Strike kills former Israeli prisoner Kantar in Syria

Samir Kantar, a prominent Hezbollah member, killed in what group says was Israeli air strike in Damascus.

Samir Kantar was released by Israel in 2008 as part of a prisoner swap with Hezbollah [Darko Bandic/AP]
Samir Kantar was released by Israel in 2008 as part of a prisoner swap with Hezbollah [Darko Bandic/AP]

A high-profile member of the Lebanese Shia movement Hezbollah, who had spent years in Israeli prisons, has been killed in Syria in a suspected Israeli air strike, according to Hezbollah.

Samir Kantar was killed along with eight others in a strike on a building in the Jaramana area of the capital Damascus on Sunday morning, al-Manar TV, the official channel of Hezbollah, reported.

“Zionist enemy planes bombed the building where he lived in Jaramana,” Hezbollah said in a statement.

Syrian state television, quoting official sources, said Kantar was killed in a “terror attack”, without elaborating on who was behind the assault.  

The residential building in the south of Jaramana on the outskirts of Damascus collapsed after the strike [SANA/EPA]

Kantar’s brother, Bassam, confirmed the death on social media. 

“With pride, we mourn the martyrdom of the commander Samir Kantar. We have the honour of becoming among the families of martyrs after being among the families of prisoners for 30 years,” Bassam Kantar tweeted.

At least one Hezbollah commander was among those killed in the air strike, al-Manar reported. 

Kantar, who had earned the title of longest-serving Arab prisoner in Israel, was a 16-year-old teenager when he and three other members of the Palestine Liberation Front infiltrated the Israeli village of Nahariya by sea from Lebanon.

He was sentenced to five life terms plus 47 years for murdering Danny Haran, his four-year-old daughter Einat, and an Israeli policeman. Kantar had always denied killing the girl or her father.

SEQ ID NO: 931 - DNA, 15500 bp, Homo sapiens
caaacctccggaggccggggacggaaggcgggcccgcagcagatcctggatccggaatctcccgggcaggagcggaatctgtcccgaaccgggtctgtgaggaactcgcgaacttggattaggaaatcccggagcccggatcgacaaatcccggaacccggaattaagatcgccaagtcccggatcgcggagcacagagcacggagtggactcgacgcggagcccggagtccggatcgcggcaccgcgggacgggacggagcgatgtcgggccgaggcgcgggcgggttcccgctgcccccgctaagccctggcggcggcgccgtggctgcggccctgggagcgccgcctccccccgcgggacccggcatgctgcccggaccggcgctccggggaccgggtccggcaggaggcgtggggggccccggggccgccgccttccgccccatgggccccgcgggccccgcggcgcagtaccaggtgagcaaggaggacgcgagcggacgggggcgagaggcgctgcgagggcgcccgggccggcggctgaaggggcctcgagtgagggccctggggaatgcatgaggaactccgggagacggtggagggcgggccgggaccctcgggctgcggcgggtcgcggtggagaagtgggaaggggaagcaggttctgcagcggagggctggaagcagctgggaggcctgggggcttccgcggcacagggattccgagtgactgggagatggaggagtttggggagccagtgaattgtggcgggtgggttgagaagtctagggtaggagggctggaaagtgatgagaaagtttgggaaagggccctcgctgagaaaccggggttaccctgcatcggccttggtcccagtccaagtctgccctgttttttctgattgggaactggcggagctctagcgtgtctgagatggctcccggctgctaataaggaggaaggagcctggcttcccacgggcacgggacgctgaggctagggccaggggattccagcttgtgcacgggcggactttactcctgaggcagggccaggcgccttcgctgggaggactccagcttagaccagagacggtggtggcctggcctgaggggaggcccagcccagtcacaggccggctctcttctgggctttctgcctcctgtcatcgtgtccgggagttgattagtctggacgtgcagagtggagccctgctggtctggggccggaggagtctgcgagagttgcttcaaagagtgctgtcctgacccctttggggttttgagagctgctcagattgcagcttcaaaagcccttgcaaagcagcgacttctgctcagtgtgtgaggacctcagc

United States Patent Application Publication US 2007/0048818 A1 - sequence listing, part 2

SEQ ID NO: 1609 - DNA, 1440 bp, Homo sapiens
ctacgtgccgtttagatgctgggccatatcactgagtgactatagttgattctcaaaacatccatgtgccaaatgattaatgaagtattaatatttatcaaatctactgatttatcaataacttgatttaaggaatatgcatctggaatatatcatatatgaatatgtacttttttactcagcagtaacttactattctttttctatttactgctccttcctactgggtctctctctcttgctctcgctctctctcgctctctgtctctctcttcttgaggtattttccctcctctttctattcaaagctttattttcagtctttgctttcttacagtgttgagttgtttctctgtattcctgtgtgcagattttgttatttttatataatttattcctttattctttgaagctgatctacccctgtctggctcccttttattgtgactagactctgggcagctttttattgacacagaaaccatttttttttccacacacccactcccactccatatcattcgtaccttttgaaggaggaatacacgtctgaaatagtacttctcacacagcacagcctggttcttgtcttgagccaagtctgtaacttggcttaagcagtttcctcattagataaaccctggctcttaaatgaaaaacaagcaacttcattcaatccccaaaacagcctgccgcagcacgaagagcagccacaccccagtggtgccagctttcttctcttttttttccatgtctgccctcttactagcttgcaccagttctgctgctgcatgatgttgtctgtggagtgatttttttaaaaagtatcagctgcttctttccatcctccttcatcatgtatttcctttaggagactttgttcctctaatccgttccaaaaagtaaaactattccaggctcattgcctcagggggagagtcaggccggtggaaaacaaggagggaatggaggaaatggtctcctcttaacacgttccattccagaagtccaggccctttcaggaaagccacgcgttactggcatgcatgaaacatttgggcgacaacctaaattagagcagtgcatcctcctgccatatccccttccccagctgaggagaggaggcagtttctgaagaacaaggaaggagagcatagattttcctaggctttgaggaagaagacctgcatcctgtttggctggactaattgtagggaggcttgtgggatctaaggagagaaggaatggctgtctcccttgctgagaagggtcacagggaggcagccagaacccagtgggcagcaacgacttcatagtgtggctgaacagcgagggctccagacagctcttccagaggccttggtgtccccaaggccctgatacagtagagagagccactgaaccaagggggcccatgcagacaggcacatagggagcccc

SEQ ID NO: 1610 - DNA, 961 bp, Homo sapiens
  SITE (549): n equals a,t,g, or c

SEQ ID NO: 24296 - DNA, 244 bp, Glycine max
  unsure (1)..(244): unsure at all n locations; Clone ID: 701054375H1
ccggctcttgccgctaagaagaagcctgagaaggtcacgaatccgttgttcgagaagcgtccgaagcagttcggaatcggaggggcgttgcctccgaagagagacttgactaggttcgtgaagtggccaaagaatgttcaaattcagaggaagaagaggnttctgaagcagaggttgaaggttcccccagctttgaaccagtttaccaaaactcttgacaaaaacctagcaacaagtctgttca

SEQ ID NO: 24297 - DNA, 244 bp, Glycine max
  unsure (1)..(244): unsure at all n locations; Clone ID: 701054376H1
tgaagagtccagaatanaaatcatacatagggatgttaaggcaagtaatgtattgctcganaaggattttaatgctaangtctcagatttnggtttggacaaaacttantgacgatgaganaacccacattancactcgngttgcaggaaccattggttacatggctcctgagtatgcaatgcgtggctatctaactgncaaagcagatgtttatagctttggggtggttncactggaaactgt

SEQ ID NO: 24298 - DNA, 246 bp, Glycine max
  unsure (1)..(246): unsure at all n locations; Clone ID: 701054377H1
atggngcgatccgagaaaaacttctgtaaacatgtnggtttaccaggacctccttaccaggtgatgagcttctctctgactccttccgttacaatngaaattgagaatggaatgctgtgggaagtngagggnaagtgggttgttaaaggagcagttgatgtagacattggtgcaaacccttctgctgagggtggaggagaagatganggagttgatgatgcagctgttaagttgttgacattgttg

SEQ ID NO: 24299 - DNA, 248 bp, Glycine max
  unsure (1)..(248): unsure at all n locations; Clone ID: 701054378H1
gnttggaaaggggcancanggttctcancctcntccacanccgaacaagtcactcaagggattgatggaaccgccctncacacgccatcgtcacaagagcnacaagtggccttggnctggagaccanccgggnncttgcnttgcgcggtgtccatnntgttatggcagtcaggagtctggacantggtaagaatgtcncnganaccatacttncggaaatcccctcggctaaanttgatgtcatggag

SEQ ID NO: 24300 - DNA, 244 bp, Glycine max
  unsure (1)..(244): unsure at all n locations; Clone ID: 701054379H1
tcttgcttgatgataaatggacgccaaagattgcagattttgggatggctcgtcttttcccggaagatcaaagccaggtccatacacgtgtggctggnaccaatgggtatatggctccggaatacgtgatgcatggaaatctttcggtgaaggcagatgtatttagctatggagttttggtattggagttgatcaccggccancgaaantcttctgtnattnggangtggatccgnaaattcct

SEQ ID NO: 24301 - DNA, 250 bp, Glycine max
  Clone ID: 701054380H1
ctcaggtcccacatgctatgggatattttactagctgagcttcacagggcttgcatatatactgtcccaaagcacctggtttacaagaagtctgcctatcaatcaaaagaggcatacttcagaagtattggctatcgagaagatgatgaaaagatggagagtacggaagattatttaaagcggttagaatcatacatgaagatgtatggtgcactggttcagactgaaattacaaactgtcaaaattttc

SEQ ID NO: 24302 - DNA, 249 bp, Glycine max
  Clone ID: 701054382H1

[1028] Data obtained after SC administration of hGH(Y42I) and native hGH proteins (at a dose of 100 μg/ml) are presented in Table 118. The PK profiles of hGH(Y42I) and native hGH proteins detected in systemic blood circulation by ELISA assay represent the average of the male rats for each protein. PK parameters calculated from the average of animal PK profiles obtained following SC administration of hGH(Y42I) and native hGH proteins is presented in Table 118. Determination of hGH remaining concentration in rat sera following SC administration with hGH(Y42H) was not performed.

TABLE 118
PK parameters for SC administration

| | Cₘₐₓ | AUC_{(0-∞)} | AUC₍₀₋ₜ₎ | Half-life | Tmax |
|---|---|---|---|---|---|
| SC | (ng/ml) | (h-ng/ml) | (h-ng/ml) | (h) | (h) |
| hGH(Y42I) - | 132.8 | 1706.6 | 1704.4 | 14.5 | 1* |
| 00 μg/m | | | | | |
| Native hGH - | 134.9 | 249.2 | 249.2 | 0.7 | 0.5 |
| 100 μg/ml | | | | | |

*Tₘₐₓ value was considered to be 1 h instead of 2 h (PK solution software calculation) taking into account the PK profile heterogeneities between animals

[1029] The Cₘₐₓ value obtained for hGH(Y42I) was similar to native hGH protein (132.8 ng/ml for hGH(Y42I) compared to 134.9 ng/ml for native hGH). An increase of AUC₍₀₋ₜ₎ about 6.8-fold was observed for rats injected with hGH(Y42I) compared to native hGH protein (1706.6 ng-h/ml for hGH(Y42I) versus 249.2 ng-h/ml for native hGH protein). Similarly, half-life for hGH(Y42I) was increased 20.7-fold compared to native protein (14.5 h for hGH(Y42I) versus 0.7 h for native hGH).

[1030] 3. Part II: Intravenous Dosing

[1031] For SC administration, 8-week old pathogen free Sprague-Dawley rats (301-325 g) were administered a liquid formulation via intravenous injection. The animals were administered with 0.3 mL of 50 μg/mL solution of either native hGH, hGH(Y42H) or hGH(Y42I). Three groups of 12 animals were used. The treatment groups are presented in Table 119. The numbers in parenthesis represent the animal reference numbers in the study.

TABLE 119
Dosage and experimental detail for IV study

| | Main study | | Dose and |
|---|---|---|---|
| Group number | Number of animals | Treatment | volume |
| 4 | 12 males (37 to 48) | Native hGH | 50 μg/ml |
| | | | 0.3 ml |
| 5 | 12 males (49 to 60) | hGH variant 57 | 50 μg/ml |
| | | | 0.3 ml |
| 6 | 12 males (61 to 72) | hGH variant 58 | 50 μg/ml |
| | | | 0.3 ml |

Haran’s wife, Smadar, accidentally suffocated their two-year-old daughter Yael to death while attempting to quiet her whimpering, which would have revealed their hiding place.

Israel released Kantar in 2008 as part of a prisoner swap with Hezbollah, after which he received a hero’s welcome upon his arrival at Beirut Airport.

Hezbollah leader Hassan Nasrallah (R) welcomed Kantar after his release from Israel at a massive rally in south Beirut in July 2008 [AP]

In an interview with Al Jazeera in July 2008, Kantar stated that the operation he was convicted for had “both civilian and military targets”.

“There are no civilian targets – it’s ‘civilian’ in quotation marks,” Kantar said, adding: “The Zionists themselves define the Israeli as a soldier who is on leave for 11 months every year.”

Samir Kantar released during prisoner swap

Along with four other freed Lebanese prisoners, he was officially received by the then Lebanese President Michel Suleiman and an array of other Lebanese dignitaries.

Hezbollah arranged a public celebration in Dahieh, a southern suburb of Beirut, where the movement’s leader Hassan Nasrallah gave a welcoming speech to Kantar.

It is widely believed he had since become a high-profile commander within Hezbollah. 

Kantar is from the Druze sect and was believed to be recruiting Syrian Druze to a paramilitary group, the National Defence Forces in Syria’s south, that supports President Bashar al-Assad.

Source: Al Jazeera, News Agencies


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